peel and cut potatoes for mashing, place win pot, an rarely cover with cold water. Set said until ready to cook.
plate all cold serving foods on their serving plates are store in the refrigerator or in a cooler with ice.
plan a ‘hot’ holding place — see holding food, below
2 1/2 hours before serving time, begin cooking the mashed potatoes. when they are finished HOLD them.
check the table
- get yourself ready
- set out appetizers
- finish assembling the vegetables
- just after removing the turkey from the oven (when it is done), make the gravy, then HOLD it.
- place all cold serving items on the table or buffet
- carve the turkey, unless you plan to do so at the table
- light the candles
- place hot items on table or buffet
- Happy Thanksgiving!
- 6-10 pound turkey**
- 3 feet of string for trussing turkey
- 5 tablespoons soft butter
- freshly ground pepper
- 1 tablespoon vegetable oil
- 3 tablespoons melted butter
- 2 small carrots
- 2 stalks celery
- 1 large onion, in thick slices
for the gravy:
- 2 tablespoons minced shallots
- ½ cup Wondra or all-purpose flour
- 2-5 cups turkey or chicken stock, or combination of stock and white wine. For darker gravy, I hear Mogen David is great here!
- 1 tablespoon Kitchen Bouquet
Preheat oven to 450°F. Lightly salt and pepper inside of turkey and smear inside with about 1/3 of the butter. Truss the turkey if you like, or simply tie the legs together loosely; dry the outside well, and rub skin all over with the remaining butter. Combine the oil and melted butter, set aside.
Set the turkey on a roasting rack, breast side up in the roasting pan, place in the oven for 15 minutes. Baste quickly with the oil and butter mixture. Reduce oven temperature to 325°F, distribute the onion, carrot and celery under the turkey, and baste again. Salt the turkey, continue roasting and basting every 30 minutes until done. When it’s time to baste the turkey, it is best if you can take it out of the ven to do so, and close the oven door. You loose far less heat that way, but it is difficult to do with a very large bird! Heat loss from each basting will lengthen the cooking time considerably.And, how do I tell if it is done?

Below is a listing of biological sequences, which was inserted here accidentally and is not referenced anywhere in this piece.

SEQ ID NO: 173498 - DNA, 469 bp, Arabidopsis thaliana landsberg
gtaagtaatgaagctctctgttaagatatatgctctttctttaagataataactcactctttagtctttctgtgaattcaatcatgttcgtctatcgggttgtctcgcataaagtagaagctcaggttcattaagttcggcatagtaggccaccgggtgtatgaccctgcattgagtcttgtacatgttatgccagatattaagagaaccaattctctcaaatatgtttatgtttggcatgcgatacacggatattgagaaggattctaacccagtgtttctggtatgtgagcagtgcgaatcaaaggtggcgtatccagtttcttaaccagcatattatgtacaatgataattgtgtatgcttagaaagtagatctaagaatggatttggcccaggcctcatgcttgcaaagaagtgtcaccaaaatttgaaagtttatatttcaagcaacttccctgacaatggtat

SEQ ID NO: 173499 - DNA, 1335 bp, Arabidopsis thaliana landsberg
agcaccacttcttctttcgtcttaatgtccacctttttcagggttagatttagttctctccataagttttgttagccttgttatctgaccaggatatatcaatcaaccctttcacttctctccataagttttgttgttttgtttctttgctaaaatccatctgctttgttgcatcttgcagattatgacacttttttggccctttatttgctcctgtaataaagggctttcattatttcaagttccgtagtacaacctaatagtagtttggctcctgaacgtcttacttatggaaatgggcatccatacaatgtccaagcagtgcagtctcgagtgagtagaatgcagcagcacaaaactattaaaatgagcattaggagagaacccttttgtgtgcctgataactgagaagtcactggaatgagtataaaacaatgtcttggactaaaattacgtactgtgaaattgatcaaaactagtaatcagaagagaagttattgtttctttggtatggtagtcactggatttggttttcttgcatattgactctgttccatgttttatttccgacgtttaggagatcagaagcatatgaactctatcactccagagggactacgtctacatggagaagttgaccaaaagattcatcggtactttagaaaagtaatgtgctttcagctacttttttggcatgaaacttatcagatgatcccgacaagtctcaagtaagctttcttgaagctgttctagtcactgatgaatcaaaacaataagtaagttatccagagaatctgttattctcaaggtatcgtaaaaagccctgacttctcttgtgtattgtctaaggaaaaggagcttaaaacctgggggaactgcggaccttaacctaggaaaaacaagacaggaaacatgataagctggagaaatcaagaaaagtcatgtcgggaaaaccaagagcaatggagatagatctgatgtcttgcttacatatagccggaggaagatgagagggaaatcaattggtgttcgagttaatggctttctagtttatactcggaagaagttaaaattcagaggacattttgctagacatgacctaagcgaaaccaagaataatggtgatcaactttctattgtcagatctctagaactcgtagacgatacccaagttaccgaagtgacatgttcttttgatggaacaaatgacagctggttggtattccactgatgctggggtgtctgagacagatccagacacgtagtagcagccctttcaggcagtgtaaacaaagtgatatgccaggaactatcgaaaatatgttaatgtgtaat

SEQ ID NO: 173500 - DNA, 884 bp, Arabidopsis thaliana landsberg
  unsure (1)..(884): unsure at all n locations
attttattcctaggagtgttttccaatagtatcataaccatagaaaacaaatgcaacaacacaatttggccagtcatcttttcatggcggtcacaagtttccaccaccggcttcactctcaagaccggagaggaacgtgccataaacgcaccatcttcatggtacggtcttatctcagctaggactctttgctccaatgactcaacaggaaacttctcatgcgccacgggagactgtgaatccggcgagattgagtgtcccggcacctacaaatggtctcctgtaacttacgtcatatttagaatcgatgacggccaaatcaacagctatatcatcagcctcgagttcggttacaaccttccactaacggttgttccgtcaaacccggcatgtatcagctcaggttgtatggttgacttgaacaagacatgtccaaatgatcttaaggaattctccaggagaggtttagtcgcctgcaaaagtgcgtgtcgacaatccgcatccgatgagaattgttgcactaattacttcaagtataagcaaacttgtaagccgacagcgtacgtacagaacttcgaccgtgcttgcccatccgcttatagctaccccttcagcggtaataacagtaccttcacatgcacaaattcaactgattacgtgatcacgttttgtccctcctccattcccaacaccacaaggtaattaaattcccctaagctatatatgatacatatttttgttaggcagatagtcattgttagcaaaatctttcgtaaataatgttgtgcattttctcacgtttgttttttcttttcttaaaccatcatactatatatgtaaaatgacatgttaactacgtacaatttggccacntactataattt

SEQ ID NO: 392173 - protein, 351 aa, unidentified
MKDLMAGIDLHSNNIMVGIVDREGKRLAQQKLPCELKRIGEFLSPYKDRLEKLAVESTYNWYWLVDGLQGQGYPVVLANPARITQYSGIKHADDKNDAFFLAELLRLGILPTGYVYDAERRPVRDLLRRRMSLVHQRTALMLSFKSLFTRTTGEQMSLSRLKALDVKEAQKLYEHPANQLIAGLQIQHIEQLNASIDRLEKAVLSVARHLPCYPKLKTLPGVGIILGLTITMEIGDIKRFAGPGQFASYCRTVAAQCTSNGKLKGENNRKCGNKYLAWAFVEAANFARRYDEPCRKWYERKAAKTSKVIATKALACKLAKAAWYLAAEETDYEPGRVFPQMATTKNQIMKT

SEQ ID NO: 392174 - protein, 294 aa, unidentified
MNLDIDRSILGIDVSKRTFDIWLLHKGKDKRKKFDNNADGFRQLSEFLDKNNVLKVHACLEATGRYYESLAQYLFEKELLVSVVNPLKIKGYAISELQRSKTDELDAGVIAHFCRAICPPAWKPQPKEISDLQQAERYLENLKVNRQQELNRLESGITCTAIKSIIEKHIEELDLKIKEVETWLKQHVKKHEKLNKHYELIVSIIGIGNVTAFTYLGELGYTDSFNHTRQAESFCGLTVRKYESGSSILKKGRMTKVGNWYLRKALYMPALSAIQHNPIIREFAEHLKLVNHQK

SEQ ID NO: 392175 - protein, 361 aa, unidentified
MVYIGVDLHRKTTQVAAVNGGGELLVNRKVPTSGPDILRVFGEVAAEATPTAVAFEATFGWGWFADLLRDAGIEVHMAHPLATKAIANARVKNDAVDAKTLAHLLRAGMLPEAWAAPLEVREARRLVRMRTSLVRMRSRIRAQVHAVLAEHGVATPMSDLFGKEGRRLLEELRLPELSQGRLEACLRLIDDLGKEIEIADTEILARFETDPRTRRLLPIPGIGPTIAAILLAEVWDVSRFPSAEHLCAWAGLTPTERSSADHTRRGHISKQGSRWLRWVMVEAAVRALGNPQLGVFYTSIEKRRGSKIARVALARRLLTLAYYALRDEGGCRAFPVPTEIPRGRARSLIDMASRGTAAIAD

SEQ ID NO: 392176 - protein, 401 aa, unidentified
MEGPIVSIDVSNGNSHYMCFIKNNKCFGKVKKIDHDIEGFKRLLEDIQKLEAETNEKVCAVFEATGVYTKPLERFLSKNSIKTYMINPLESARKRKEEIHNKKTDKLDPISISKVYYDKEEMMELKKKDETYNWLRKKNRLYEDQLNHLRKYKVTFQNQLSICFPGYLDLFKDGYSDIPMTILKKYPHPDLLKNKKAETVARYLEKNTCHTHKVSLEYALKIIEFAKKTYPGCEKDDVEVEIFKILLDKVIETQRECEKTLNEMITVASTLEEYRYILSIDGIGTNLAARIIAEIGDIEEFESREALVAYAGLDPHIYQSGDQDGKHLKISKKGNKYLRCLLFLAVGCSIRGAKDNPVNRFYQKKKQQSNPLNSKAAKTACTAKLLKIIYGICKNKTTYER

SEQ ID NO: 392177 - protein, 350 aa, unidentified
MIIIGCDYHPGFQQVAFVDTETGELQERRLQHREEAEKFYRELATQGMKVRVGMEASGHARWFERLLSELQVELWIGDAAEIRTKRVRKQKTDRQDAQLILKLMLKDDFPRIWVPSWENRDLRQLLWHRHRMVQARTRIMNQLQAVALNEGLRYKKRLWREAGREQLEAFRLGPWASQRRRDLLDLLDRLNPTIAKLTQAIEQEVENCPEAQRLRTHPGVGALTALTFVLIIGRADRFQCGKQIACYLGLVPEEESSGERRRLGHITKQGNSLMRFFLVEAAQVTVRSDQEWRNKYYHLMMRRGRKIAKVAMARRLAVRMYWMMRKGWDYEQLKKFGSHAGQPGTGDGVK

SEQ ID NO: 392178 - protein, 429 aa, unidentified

To tell whether the turkey is done, insert an instant-read thermometer in the thickest part of the thigh. Your turkey is done when it registers 170°F. Stuffing should be 165°F. I typically use more than one method to be sure my bird is fully cooked: prick the thickest part of the drumstick with a fork; if the juices run clear or yellow, it is done. If not, roast another 5 minutes and test again. As a final check, lift the turkey and drain the juices from the cavity into the pan; if the last drops are clear or yellow, it is definitely done.
Be sure to let the turkey rest at least 15 minutes, under a foil tent, before carving it. Transfer the turkey to a warmed platter; remove the string. Let stand, loosely tented in foil, at least 15 minutes before carving so juices will retreat into tissues.
An important bit of trivia for a successful Thanksgiving dinner is that you can hold almost anything for up to two hours in a warm oven. I set mine at 170°F, heat plates, platters, the gravy boat,and leave space for the mashed potatoes in there too. No enough oven space? The microwave on 10% power works as well. You can warm plates in the dishwasher …. You can keep mashed potatoes warm in a heatproof bowl, covered loosely, set over simmering water; or in a slow cooker on low heat. Click here for the recipe for marvelous mashed potatoes.
Now it’s time to make the gravy.
Pour the juices and vegetables from the roasting pan into a strainer, pressing down to extract all the juices. Degrease the juices if you wish. Return ½ cup of fat to the roasting pan. Stir in the minced shallots and cook 2-3 minutes. Add flour, cook and stir 2-3 minutes, until smooth and bubbly. Add the degreased juices, the stock, and the Kitchen Bouquet. Boil rapidly over high heat, deglazing the pan. Cook 10-15 minutes, to develop flavor. Correct the seasonings if necessary. Hold the gravy in a heated gravy boat or bowl until time to serve.